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Literary Traditions: English in Malaysia and Singapore (Column 6)

Quayum, Mohammad Abdul (2014) Literary Traditions: English in Malaysia and Singapore (Column 6). The Daily Star.

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There is also the problem of confidence for young writers, who could hardly see the value of their writing even in a positive environment. The problem is greatly compounded when the threat of rejection is palpable to them, and when they cannot even properly figure out whether it would be worthwhile to write and publish in English in a country where literary activities in the language are deliberately marginalised and treated with the reduced status of “sectional literature.” Dina Zaman sums up the problem of English writing in Malaysia, especially for younger writers: I suppose my writing in English initially unsettled a few scholars and academics. When I began writing in the 90s academics kept asking me why I wrote in English and not Malay. I'm Malay and I should write in Malay…. In general, writing in Malaysia tends to be the domain of Malay writers. I have to admit when I think of writers, I think of Pak Samadetc first, then K.S. Maniam. This has nothing to do with the quality of their writing, but because of what we were told/informed. The pressure to write in Malay is of course not on Malay writers alone but on all Malaysian writers, although the Malay writers feel it more acutely owing to the risk of being singled out as traitors to the culture. After all, the logic goes, Malay is the national language and there are so many personal benefits for the writer, from economic to cultural, for writing in it, so why should a Malay writer choose not to write in the language? And the extent to which writing in English involves marginalisation and invisibility is obvious from Dina's statement; a writer in English herself, she cannot help but think that a writer in Malaysia means a writer in the national language first. That is how the political and cultural machinery works against the writers in English in the country and the net result is, as I have suggested earlier, the “othering” and exclusion of writings in English and an interrupted, slow growth of the tradition.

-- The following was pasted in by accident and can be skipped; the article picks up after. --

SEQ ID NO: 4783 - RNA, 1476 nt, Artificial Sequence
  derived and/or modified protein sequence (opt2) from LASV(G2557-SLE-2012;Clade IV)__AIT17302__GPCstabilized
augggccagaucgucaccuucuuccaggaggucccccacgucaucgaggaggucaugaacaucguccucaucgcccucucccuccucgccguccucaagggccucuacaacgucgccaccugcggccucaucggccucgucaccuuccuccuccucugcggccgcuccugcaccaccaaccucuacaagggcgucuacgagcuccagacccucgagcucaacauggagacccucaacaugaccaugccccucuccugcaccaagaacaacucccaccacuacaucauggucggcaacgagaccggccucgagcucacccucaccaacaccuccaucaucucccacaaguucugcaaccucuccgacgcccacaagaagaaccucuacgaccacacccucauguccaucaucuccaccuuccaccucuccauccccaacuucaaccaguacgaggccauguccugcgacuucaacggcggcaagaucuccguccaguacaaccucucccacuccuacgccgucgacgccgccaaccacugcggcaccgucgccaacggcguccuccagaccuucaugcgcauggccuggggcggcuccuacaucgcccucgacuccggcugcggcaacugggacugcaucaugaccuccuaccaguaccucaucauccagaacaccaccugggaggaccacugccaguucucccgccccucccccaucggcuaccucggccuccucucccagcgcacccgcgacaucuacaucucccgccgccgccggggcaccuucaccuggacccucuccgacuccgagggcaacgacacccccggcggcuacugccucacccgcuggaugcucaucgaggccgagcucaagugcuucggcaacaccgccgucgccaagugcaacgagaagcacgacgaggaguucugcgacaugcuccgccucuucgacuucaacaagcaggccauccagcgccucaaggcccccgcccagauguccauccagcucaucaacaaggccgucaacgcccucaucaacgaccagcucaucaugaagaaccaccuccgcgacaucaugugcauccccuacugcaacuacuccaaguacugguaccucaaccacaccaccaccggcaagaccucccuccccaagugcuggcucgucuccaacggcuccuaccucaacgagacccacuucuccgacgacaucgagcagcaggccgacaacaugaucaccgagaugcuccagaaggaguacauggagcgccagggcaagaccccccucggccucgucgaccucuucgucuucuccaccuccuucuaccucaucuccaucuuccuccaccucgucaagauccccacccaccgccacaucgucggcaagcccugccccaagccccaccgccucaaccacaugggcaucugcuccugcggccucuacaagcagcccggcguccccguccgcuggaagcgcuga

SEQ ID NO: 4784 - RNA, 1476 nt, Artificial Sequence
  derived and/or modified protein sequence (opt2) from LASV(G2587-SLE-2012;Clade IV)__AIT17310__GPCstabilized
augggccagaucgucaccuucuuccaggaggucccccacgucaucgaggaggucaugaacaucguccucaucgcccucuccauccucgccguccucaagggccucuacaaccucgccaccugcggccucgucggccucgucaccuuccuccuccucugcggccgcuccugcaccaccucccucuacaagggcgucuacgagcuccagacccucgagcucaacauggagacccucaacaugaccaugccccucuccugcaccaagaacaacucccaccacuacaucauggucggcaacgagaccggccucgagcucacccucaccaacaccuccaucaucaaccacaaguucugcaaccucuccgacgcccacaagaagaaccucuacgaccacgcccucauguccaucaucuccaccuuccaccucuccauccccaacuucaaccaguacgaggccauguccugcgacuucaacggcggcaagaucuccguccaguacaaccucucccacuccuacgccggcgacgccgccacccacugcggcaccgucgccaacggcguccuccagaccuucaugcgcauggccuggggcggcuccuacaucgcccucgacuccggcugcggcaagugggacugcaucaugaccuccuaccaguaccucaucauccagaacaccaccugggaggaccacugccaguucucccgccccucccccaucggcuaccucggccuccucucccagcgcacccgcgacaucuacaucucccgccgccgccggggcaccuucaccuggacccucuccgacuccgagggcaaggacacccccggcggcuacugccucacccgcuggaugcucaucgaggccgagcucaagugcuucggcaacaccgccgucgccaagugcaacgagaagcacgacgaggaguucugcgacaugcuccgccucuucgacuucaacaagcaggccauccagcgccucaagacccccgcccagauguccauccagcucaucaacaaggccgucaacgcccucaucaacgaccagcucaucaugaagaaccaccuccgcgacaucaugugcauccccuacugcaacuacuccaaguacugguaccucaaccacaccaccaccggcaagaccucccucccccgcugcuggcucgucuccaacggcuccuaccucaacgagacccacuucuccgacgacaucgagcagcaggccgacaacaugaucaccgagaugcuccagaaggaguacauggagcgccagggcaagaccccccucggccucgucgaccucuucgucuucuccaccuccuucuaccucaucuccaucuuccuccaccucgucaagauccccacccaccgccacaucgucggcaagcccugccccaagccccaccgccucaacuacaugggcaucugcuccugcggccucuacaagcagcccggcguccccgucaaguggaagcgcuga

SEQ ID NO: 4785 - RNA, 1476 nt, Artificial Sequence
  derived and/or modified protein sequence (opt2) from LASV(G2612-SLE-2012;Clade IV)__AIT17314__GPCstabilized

Item Type: Article (Newspaper)
Additional Information: 4725/38109
Uncontrolled Keywords: English in Malaysia
Subjects: P Language and Literature > PE English
P Language and Literature > PI Oriental languages and literatures
P Language and Literature > PN Literature (General) > PN0080 Criticism
P Language and Literature > PN Literature (General) > PN0441 Literary History
Kulliyyahs/Centres/Divisions/Institutes (Can select more than one option. Press CONTROL button): Kulliyyah of Islamic Revealed Knowledge and Human Sciences > Department of English Language & Literature
Depositing User: Professor Mohammad A. Quayum
Date Deposited: 09 Sep 2014 16:20
Last Modified: 20 Jun 2018 14:29
URI: http://irep.iium.edu.my/id/eprint/38109

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